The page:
- You must declare your share of the rental revenue from a rental property if you own a portion of it.
How Rental Income Tax Works
The Internal Revenue Service considers a rental property to be one that you own and rent to clients for 15 days or more each year. A single house, apartment, condominium, mobile home, vacation home, or similar dwelling is defined by the IRS as rental property. On your tax return, any net income generated by your rental property is taxable as ordinary income.
That's how the rental income tax works in a nutshell. However, you've probably heard of real estate investors who own hundreds of thousands of dollars worth of property but pay almost no taxes.
It's entirely permissible for them to do what they're doing. In fact, any rental property owner—including yourself—can own an investment property that generates consistent monthly cash flow while filing a tax return with a loss. All you have to do is adhere to the IRS's guidelines for renting out residential property.
How to Report Rental Income on Your Tax Return
You usually report your rental income and expenses on Schedule E, Part I, of Form 1040 or 1040-SR if you rent real estate such as buildings, rooms, or apartments. On the corresponding line of Schedule E, list your total income, expenditure, and depreciation for each rental property. To compute the amount of depreciation to enter on line 18, consult the Instructions for Form 4562.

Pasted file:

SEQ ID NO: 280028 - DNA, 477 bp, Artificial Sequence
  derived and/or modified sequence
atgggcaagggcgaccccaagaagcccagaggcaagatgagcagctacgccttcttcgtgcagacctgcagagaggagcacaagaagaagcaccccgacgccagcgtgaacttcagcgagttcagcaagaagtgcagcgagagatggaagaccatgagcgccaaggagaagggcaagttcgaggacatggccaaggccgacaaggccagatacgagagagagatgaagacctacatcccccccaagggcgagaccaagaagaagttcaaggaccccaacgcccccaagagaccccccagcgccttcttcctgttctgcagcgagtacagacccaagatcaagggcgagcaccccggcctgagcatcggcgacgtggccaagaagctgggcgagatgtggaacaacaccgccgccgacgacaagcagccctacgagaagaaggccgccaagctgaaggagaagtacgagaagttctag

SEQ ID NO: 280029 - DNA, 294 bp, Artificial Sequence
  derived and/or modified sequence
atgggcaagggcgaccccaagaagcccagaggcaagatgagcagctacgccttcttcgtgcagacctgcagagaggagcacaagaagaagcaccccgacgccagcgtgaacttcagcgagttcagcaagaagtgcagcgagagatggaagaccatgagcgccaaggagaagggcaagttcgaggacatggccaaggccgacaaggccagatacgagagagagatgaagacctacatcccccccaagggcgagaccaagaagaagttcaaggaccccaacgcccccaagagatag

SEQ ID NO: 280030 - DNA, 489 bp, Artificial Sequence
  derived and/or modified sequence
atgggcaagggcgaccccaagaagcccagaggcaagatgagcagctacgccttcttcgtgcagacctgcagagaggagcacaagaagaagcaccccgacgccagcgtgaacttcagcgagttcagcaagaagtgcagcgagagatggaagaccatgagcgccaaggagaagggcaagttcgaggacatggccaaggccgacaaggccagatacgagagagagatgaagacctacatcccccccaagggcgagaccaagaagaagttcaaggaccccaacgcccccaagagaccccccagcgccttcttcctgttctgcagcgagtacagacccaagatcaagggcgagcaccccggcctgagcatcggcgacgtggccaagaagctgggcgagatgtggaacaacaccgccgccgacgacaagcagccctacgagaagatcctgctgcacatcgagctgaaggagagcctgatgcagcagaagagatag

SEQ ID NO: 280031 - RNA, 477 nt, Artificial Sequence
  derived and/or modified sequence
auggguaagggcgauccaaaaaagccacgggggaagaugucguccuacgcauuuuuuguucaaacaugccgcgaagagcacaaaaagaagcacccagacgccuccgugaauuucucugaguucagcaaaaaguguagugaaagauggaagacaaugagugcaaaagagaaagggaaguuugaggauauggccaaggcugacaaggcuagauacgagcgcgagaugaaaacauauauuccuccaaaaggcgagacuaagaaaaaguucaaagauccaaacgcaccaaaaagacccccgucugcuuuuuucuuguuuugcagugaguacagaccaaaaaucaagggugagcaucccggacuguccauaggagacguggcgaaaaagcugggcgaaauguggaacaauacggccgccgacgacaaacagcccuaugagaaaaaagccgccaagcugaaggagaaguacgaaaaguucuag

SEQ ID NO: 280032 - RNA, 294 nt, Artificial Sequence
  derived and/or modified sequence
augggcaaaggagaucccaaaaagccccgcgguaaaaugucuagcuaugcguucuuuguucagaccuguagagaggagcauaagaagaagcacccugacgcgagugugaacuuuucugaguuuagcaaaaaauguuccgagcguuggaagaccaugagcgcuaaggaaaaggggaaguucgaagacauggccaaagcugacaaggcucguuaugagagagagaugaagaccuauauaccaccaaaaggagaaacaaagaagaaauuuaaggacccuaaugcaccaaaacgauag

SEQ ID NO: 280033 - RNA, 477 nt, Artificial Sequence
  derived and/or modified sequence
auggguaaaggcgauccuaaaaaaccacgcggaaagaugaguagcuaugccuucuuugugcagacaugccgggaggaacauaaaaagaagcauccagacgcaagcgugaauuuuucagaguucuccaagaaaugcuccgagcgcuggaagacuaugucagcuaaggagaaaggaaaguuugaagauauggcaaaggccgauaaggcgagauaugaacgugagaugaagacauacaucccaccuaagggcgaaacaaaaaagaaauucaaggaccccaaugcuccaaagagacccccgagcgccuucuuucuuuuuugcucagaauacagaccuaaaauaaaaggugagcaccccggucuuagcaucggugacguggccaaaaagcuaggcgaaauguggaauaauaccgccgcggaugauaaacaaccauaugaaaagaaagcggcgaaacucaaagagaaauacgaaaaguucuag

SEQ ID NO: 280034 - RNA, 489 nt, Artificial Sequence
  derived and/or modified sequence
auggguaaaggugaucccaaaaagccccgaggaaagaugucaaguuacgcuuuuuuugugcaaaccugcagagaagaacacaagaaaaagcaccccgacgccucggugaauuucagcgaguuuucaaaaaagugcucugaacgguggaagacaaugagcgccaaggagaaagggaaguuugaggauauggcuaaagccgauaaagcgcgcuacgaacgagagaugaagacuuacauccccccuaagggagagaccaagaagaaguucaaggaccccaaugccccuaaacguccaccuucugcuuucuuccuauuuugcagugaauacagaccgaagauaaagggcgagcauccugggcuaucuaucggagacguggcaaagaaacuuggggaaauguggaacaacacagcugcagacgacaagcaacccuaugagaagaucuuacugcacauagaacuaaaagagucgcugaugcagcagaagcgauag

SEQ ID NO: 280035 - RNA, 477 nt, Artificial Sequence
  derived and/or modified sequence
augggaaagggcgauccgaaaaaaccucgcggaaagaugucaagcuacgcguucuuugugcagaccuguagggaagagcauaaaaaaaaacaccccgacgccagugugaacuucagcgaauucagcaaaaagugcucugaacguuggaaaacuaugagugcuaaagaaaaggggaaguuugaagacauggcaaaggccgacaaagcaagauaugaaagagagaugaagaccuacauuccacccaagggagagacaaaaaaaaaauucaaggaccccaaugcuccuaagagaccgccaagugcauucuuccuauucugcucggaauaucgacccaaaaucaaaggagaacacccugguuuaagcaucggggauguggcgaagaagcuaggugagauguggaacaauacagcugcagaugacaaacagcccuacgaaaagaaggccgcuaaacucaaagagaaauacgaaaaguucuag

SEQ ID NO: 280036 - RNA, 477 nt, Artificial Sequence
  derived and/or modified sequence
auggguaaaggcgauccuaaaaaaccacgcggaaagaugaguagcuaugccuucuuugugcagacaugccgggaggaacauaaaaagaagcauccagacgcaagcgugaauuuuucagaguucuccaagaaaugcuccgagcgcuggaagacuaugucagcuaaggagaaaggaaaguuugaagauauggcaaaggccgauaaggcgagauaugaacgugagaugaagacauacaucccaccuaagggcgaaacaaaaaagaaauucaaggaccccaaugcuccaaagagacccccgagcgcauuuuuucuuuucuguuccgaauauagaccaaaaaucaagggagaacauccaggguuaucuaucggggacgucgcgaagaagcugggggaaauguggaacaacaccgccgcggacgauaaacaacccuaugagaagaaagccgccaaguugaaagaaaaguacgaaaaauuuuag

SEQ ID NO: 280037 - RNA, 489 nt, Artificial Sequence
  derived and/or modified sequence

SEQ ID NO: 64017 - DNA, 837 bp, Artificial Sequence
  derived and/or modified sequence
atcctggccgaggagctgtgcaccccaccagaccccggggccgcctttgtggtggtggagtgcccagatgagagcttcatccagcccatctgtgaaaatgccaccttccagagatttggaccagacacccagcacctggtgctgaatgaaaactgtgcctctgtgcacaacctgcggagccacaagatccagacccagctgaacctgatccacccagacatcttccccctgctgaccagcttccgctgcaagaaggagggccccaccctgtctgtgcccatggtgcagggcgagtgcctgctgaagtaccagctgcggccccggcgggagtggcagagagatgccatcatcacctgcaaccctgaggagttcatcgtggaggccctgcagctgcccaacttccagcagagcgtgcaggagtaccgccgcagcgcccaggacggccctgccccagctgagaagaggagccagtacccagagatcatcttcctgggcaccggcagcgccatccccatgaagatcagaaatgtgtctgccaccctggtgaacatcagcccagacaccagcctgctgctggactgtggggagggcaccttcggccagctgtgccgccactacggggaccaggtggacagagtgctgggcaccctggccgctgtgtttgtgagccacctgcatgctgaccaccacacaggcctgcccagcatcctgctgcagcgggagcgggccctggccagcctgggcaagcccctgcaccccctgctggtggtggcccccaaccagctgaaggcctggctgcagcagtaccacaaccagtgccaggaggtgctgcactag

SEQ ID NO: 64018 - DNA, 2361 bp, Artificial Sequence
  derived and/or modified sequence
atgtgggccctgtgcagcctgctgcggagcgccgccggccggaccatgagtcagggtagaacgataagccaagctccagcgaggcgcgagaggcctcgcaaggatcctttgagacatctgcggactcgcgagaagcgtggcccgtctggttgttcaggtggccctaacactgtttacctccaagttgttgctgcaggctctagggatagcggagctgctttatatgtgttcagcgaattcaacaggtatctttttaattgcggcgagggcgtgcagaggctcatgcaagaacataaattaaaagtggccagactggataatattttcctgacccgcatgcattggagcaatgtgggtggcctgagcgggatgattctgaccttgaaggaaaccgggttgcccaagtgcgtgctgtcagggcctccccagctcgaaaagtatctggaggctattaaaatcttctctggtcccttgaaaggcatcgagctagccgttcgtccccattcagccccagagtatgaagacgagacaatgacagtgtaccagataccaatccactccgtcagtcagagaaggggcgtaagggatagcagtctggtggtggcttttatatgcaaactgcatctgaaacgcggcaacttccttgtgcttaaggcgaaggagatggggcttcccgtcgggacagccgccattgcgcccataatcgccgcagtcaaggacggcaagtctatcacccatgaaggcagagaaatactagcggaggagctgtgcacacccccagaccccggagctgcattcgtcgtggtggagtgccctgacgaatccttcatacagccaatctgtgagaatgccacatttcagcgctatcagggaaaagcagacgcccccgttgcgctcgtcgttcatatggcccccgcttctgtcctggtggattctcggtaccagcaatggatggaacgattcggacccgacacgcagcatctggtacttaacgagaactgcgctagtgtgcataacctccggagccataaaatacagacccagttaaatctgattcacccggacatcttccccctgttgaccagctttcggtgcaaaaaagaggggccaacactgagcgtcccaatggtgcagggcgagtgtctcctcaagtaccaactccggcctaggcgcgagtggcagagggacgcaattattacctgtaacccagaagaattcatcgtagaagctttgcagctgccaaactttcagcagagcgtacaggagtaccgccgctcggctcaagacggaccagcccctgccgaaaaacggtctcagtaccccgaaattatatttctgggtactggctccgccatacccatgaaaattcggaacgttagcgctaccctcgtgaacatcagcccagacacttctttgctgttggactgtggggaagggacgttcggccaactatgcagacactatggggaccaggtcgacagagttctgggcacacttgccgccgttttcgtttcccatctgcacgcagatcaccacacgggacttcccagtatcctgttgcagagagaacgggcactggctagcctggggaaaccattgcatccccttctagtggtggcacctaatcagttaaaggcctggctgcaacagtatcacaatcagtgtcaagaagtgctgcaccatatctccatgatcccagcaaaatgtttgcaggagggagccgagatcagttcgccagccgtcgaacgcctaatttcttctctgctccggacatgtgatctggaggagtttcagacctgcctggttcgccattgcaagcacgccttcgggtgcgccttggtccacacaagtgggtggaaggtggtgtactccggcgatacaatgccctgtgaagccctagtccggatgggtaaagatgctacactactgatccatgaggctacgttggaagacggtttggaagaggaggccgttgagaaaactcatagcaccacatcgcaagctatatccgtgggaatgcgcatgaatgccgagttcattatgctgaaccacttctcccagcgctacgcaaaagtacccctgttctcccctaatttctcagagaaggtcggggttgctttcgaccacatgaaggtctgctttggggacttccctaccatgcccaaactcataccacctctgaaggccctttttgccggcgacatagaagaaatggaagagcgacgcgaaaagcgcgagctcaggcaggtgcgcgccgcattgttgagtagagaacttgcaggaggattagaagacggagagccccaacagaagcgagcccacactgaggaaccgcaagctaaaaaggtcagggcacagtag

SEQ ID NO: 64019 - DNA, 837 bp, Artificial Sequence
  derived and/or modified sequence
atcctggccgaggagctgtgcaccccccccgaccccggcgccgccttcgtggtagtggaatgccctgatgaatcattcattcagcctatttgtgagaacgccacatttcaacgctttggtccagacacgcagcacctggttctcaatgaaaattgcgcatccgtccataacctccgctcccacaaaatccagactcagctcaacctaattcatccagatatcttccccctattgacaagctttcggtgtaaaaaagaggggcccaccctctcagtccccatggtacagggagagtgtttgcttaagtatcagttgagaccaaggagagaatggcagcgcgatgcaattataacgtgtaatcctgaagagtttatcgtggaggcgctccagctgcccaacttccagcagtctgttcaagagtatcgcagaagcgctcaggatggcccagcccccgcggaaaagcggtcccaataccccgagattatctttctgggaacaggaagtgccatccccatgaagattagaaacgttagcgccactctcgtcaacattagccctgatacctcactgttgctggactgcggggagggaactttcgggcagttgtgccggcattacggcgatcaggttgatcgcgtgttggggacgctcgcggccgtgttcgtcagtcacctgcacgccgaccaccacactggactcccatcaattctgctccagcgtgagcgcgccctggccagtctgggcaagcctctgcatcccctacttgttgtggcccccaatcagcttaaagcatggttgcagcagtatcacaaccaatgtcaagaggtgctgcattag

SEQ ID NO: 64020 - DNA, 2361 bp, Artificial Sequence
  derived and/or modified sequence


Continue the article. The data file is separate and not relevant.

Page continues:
Fill out and attach as many Schedules E as you need to list your rental properties if you have more than three. Fill out lines 1 and 2 for each property, making sure to include the street address. Only one Schedule E should have the "Totals" column filled in. On the Schedule E, the number in the "Totals" column should represent the sum of all Schedule E totals.
Your loss may be limited if your rental expenses are higher than your rental income. The passive activity loss guidelines and the at-risk rules may limit the amount of loss you can deduct. To see if your loss is limited, fill out Form 8582, Passive Activity Loss Limitations, and Form 6198, At-Risk Limitations.
Your rental expenses and losses may be reduced if you have any personal use of a dwelling unit that you rent (including a vacation home or a residence where you rent a room).
What Records to Keep
Quality audits will aid you in staying on top of your rental property's growth, preparing financial statements, identifying the source of receipts, keeping track of deductible expenditure, preparing tax returns, and supporting items reported on tax forms.
Maintain thorough records of your rental activity, including the rental income and expenditure. If your returns are chosen for audit, you must be able to document this information. You may be subject to additional taxes and penalties if you are audited and cannot show proof to support things reported on your tax returns.
What Are the US Tax Deductions for Rental Property?
Now that we’ve defined rental income, it’s important to mention that you don’t have to pay tax on all of the rental income you collect. Expenses associated with the property are deductible against rental income. Allowable expense deductions may include:
- Costs of cleaning and maintaining the property
- Mortgage interest
- Insurance costs
- Money you spend advertising the property
- Payments to a property manager
- HOA dues or condo fees
- Property taxes
- Services you pay for (such as utilities and pest control)
- Legal and other professional fees related to owning the property